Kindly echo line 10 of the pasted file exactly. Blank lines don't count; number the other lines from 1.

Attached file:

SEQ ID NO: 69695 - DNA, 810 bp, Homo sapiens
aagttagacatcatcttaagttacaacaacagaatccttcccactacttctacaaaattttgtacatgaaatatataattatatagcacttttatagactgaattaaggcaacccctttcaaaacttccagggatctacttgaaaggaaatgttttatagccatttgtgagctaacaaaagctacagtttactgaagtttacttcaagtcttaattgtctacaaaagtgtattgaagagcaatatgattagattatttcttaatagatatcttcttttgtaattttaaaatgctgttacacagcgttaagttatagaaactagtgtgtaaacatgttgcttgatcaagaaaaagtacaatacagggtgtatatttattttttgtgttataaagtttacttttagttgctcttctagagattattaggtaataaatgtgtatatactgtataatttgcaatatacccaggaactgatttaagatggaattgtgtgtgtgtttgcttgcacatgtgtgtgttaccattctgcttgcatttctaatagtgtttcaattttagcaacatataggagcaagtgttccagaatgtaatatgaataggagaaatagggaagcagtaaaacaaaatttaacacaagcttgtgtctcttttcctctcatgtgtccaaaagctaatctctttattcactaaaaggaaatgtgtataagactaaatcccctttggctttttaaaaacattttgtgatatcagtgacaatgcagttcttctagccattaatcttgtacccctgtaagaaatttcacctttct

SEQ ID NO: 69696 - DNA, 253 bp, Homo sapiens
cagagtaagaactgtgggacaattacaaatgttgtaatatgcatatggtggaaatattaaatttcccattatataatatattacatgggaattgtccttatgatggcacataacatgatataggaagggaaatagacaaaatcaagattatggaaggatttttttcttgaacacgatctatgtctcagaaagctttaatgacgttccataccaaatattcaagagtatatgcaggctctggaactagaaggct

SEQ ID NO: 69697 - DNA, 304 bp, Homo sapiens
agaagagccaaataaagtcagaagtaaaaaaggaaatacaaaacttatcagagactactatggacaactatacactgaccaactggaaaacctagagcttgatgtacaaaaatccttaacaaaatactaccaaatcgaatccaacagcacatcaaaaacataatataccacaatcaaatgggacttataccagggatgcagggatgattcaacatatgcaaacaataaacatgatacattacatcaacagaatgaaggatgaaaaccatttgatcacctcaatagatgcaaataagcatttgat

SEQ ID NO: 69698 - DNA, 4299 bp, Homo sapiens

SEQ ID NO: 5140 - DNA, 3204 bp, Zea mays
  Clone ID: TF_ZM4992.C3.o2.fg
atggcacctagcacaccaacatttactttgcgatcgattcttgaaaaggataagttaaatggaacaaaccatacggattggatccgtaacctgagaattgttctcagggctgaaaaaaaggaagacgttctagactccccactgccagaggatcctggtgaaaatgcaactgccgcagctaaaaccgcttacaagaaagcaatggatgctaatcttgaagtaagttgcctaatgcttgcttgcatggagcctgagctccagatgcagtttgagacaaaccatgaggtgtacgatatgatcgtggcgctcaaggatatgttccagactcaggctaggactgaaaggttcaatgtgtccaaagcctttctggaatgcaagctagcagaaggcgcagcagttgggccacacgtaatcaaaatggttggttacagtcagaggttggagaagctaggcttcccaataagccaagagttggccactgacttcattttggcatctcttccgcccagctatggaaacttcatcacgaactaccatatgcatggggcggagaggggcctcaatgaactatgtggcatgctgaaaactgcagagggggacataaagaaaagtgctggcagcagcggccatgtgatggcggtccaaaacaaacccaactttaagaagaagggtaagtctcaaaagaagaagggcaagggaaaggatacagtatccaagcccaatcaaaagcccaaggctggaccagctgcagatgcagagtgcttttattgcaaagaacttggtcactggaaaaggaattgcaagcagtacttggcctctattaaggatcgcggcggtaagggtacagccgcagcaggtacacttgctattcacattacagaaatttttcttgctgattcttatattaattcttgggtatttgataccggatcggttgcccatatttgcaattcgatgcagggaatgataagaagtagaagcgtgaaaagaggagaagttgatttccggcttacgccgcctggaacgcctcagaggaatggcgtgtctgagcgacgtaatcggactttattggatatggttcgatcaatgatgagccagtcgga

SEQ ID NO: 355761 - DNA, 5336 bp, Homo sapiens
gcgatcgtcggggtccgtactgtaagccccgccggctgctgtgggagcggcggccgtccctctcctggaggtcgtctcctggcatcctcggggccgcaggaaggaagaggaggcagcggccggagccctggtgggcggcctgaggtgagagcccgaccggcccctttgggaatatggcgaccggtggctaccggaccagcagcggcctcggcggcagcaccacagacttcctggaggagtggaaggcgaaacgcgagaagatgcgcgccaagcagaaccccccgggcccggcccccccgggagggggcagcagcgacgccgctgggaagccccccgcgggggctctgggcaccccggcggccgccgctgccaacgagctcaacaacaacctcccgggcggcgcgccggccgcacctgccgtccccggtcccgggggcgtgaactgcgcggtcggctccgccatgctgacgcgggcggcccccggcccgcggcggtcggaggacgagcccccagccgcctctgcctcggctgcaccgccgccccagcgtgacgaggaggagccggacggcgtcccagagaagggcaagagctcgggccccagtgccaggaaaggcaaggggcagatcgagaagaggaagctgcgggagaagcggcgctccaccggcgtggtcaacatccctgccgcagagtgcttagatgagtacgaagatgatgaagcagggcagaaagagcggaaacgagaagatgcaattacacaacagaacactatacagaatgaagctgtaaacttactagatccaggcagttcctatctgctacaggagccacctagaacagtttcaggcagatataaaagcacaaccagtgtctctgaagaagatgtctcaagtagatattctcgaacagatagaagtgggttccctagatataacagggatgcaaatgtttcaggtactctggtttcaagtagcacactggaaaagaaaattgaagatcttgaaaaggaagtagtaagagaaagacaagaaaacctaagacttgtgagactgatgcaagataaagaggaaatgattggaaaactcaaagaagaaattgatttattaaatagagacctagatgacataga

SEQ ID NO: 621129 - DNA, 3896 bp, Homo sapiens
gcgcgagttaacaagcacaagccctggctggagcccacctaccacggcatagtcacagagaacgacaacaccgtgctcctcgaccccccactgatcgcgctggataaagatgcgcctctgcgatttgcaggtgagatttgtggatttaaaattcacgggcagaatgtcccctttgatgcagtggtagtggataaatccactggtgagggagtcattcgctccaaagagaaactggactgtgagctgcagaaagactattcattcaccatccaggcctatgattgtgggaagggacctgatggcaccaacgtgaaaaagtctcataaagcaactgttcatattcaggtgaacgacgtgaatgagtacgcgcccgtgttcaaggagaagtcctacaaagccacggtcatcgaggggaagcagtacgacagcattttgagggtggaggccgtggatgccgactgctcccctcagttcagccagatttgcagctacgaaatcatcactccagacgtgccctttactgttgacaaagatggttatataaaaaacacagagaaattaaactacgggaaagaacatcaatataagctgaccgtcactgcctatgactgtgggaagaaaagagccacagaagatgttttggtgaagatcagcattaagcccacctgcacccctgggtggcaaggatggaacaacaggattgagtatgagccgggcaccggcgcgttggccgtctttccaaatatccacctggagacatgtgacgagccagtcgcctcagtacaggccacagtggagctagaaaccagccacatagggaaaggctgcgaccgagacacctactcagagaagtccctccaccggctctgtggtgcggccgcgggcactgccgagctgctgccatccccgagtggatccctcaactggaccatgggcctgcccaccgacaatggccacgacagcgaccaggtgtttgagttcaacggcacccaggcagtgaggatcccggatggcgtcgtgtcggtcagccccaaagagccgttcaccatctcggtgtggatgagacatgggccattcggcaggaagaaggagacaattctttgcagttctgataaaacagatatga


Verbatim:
atggcacctagcacaccaacatttactttgcgatcgattcttgaaaaggataagttaaatggaacaaaccatacggattggatccgtaacctgagaattgttctcagggctgaaaaaaaggaagacgttctagactccccactgccagaggatcctggtgaaaatgcaactgccgcagctaaaaccgcttacaagaaagcaatggatgctaatcttgaagtaagttgcctaatgcttgcttgcatggagcctgagctccagatgcagtttgagacaaaccatgaggtgtacgatatgatcgtggcgctcaaggatatgttccagactcaggctaggactgaaaggttcaatgtgtccaaagcctttctggaatgcaagctagcagaaggcgcagcagttgggccacacgtaatcaaaatggttggttacagtcagaggttggagaagctaggcttcccaataagccaagagttggccactgacttcattttggcatctcttccgcccagctatggaaacttcatcacgaactaccatatgcatggggcggagaggggcctcaatgaactatgtggcatgctgaaaactgcagagggggacataaagaaaagtgctggcagcagcggccatgtgatggcggtccaaaacaaacccaactttaagaagaagggtaagtctcaaaagaagaagggcaagggaaaggatacagtatccaagcccaatcaaaagcccaaggctggaccagctgcagatgcagagtgcttttattgcaaagaacttggtcactggaaaaggaattgcaagcagtacttggcctctattaaggatcgcggcggtaagggtacagccgcagcaggtacacttgctattcacattacagaaatttttcttgctgattcttatattaattcttgggtatttgataccggatcggttgcccatatttgcaattcgatgcagggaatgataagaagtagaagcgtgaaaagaggagaagttgatttccggcttacgccgcctggaacgcctcagaggaatggcgtgtctgagcgacgtaatcggactttattggatatggttcgatcaatgatgagccagtcgga